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Food Safety Experts Explain How Long Protein Powder Lasts

Protein powders can be a convenient and nutritious alternative to high-protein foods to boost meals and achieve health goals. It’s easy to incorporate enough protein into your diet by adding a scoop to smoothies, oatmeal, baked goods, and more.

It’s possible to have multiple options regarding protein powders, vegan protein powders, and protein drinks. Does protein powder expire? Food safety experts tell us when to throw away protein powder and when it’s safe to use expired protein powder.

How Long Does Protein Powder Last?

It can be confusing when your protein powder contains a “best-by” date, a “use-by” date, or a “sell-by” date. Tamika Sims, PhD, senior director of food technology communications, explains that these dates aren’t strict rules regarding product safety and are noted to retailers. A “use-by” date may appear on the last label, which indicates how long the product’s quality will last. It does not mean the exact safety date, but what the company has promised for the longest time.

Do Protein Powders Expire?

What should a consumer do when protein powder expires if the labels don’t convey any safety information? Sims says you can confidently use the dates to determine when the protein powder is in its best or highest quality state. Mitzi Baum, M.S., CEO of STOP Foodborne Illness, said when it comes to expiring products, no one can tell you when it’s unsafe to eat. But if you store products correctly and use your senses to determine freshness, she says you’ll likely be fine.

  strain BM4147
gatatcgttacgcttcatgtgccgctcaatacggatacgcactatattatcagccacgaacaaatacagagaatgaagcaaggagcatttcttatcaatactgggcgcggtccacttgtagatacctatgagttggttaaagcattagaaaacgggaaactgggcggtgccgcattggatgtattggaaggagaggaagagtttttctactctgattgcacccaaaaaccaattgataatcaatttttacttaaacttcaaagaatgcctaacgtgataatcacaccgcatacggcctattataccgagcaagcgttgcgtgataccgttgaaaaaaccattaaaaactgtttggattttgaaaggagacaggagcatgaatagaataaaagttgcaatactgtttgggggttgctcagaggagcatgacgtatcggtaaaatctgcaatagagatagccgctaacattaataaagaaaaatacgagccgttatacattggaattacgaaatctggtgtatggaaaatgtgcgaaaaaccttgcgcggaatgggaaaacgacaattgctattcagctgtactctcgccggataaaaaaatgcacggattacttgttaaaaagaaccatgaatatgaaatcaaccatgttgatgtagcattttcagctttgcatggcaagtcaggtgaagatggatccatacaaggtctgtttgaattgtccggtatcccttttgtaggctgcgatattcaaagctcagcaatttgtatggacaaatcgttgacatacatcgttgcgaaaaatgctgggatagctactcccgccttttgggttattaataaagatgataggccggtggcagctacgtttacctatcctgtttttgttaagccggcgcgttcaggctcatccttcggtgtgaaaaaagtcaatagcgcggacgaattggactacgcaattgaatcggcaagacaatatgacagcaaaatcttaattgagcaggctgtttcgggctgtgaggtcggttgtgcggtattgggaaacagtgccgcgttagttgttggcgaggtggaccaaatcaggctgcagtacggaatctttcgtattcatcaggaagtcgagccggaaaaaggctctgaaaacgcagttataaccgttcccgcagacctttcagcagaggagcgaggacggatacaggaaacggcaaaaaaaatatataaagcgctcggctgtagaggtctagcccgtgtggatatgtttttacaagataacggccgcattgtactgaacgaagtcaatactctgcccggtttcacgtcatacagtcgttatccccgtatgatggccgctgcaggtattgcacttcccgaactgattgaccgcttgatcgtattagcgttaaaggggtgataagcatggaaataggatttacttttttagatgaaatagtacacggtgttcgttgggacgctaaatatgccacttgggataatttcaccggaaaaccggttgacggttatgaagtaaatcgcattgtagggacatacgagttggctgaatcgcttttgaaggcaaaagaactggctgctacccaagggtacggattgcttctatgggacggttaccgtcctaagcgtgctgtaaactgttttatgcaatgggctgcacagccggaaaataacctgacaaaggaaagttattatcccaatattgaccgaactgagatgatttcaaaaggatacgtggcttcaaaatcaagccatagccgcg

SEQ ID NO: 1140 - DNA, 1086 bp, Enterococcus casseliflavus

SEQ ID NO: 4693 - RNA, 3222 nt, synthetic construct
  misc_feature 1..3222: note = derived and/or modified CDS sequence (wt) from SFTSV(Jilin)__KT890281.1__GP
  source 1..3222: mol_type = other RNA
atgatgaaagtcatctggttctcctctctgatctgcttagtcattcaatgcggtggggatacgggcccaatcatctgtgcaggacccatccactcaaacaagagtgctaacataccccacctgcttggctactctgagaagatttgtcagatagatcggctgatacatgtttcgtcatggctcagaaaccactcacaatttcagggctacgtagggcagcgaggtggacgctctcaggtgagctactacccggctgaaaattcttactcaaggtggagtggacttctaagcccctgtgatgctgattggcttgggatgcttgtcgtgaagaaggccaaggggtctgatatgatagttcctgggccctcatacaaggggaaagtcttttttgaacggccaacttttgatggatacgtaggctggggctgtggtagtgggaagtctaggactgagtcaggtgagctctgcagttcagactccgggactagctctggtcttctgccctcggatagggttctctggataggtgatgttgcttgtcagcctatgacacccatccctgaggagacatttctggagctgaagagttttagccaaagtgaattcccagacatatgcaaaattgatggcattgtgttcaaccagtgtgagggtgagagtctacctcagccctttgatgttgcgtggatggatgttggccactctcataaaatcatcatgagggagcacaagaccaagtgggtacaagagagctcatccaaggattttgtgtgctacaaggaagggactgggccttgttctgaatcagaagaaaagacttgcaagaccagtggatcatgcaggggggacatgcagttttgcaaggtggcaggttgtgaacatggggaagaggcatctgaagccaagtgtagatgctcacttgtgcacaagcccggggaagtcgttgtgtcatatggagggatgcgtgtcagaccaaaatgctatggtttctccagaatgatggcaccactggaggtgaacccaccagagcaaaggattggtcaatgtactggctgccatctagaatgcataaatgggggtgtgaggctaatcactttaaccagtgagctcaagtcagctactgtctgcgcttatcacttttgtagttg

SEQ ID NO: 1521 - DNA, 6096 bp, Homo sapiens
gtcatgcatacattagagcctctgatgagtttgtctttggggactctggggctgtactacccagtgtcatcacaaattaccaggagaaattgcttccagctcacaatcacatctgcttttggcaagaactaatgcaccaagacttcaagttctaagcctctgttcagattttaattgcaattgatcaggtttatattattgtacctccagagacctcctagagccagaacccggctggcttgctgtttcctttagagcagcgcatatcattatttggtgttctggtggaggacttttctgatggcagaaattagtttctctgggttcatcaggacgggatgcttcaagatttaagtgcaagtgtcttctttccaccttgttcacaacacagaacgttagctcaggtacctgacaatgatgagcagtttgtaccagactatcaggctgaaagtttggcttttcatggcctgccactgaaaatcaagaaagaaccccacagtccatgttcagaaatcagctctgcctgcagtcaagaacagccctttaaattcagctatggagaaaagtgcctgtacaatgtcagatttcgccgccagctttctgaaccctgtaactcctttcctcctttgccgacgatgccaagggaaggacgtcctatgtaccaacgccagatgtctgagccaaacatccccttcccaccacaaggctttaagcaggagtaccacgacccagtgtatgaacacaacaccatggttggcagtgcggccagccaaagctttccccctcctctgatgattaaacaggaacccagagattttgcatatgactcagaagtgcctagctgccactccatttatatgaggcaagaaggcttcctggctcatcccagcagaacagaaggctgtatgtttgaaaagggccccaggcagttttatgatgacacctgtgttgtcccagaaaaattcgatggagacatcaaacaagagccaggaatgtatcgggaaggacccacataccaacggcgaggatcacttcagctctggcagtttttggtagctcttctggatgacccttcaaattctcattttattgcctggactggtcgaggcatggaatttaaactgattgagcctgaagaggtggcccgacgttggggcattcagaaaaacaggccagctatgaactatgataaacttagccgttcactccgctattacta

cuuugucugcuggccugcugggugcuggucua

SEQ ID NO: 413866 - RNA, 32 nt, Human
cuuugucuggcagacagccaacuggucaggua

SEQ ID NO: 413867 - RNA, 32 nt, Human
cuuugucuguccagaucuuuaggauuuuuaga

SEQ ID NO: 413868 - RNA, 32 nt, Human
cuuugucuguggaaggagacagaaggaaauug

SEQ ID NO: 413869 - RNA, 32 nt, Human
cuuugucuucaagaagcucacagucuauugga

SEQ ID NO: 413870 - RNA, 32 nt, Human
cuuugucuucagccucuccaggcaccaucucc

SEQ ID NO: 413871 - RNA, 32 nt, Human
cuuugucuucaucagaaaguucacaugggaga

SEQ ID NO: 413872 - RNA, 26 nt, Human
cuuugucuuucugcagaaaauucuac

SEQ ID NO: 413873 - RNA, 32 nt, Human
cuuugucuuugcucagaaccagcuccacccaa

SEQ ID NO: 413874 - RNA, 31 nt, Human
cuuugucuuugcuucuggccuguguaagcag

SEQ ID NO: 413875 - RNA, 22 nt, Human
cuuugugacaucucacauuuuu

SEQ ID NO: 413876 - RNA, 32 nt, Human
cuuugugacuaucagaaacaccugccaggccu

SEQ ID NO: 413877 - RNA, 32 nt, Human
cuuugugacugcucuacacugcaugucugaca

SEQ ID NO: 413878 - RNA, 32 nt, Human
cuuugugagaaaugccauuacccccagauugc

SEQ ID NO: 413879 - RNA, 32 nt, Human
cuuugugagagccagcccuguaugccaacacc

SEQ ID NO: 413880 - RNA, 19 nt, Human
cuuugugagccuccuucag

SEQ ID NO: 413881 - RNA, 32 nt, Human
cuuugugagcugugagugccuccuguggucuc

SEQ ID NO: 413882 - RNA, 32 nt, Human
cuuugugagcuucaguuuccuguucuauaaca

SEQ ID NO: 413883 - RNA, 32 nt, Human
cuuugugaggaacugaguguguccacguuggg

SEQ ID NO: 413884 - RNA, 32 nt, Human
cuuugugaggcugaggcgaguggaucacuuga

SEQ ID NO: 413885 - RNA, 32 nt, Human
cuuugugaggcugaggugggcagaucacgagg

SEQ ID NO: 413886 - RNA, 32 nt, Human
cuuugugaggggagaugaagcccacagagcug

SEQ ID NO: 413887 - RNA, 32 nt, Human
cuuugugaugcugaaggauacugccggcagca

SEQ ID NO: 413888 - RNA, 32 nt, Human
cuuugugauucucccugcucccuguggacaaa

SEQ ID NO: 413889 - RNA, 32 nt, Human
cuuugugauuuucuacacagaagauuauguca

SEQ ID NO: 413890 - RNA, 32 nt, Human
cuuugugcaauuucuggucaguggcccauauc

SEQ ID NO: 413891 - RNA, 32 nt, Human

Protein Powder: How To Keep It Fresh

Sims says storing protein powder correctly is essential to keeping it safe and fresh. Keep it cool and dry according to the packaging instructions. Keep protein powder in its original packaging as they’re designed to keep light out, and don’t store it on top of the fridge, or it will overheat and spoil sooner.

The Signs Of Bad Protein Powder

Sims says food that has changed in texture, color, smell, mold, or slime is likely wrong. It is common for a dry good like protein powder to clump and taste rancid because of the small amount of fat. It looks like pink yeast, bubbles in fresh juice, chunky milk, or moldy dairy. It’s normal for dry goods like oatmeal or flour to have bugs in them, Baum says, but they won’t make you sick.